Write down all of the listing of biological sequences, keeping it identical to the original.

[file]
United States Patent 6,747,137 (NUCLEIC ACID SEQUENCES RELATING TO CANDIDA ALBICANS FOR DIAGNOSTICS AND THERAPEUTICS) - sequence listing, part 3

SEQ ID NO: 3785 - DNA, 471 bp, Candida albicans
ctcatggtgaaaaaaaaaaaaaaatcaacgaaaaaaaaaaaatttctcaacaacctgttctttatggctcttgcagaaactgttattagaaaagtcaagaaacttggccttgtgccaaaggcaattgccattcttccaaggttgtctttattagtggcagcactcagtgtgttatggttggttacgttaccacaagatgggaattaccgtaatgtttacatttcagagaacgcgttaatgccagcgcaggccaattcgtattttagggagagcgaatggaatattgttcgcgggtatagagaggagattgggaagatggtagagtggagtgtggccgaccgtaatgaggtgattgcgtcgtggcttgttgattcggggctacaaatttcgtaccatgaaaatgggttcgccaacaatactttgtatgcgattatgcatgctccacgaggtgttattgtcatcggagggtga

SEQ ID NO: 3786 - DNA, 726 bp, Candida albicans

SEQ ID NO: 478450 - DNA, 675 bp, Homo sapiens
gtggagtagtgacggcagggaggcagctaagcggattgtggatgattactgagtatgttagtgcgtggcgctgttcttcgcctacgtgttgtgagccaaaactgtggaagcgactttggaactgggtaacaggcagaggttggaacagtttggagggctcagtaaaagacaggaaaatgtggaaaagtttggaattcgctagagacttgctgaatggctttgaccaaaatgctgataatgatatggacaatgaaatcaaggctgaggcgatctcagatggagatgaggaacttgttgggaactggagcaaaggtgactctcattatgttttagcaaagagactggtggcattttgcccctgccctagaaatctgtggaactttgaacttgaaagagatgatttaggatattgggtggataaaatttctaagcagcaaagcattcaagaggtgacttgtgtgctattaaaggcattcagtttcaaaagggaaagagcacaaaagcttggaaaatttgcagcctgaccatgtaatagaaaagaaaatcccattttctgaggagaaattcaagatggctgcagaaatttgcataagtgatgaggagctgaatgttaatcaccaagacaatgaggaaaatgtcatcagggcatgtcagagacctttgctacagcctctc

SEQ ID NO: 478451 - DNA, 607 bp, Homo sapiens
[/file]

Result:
United States Patent 6,747,137 (NUCLEIC ACID SEQUENCES RELATING TO CANDIDA ALBICANS FOR DIAGNOSTICS AND THERAPEUTICS) - sequence listing, part 3

SEQ ID NO: 3785 - DNA, 471 bp, Candida albicans
ctcatggtgaaaaaaaaaaaaaaatcaacgaaaaaaaaaaaatttctcaacaacctgttctttatggctcttgcagaaactgttattagaaaagtcaagaaacttggccttgtgccaaaggcaattgccattcttccaaggttgtctttattagtggcagcactcagtgtgttatggttggttacgttaccacaagatgggaattaccgtaatgtttacatttcagagaacgcgttaatgccagcgcaggccaattcgtattttagggagagcgaatggaatattgttcgcgggtatagagaggagattgggaagatggtagagtggagtgtggccgaccgtaatgaggtgattgcgtcgtggcttgttgattcggggctacaaatttcgtaccatgaaaatgggttcgccaacaatactttgtatgcgattatgcatgctccacgaggtgttattgtcatcggagggtga

SEQ ID NO: 3786 - DNA, 726 bp, Candida albicans

SEQ ID NO: 478450 - DNA, 675 bp, Homo sapiens
gtggagtagtgacggcagggaggcagctaagcggattgtggatgattactgagtatgttagtgcgtggcgctgttcttcgcctacgtgttgtgagccaaaactgtggaagcgactttggaactgggtaacaggcagaggttggaacagtttggagggctcagtaaaagacaggaaaatgtggaaaagtttggaattcgctagagacttgctgaatggctttgaccaaaatgctgataatgatatggacaatgaaatcaaggctgaggcgatctcagatggagatgaggaacttgttgggaactggagcaaaggtgactctcattatgttttagcaaagagactggtggcattttgcccctgccctagaaatctgtggaactttgaacttgaaagagatgatttaggatattgggtggataaaatttctaagcagcaaagcattcaagaggtgacttgtgtgctattaaaggcattcagtttcaaaagggaaagagcacaaaagcttggaaaatttgcagcctgaccatgtaatagaaaagaaaatcccattttctgaggagaaattcaagatggctgcagaaatttgcataagtgatgaggagctgaatgttaatcaccaagacaatgaggaaaatgtcatcagggcatgtcagagacctttgctacagcctctc

SEQ ID NO: 478451 - DNA, 607 bp, Homo sapiens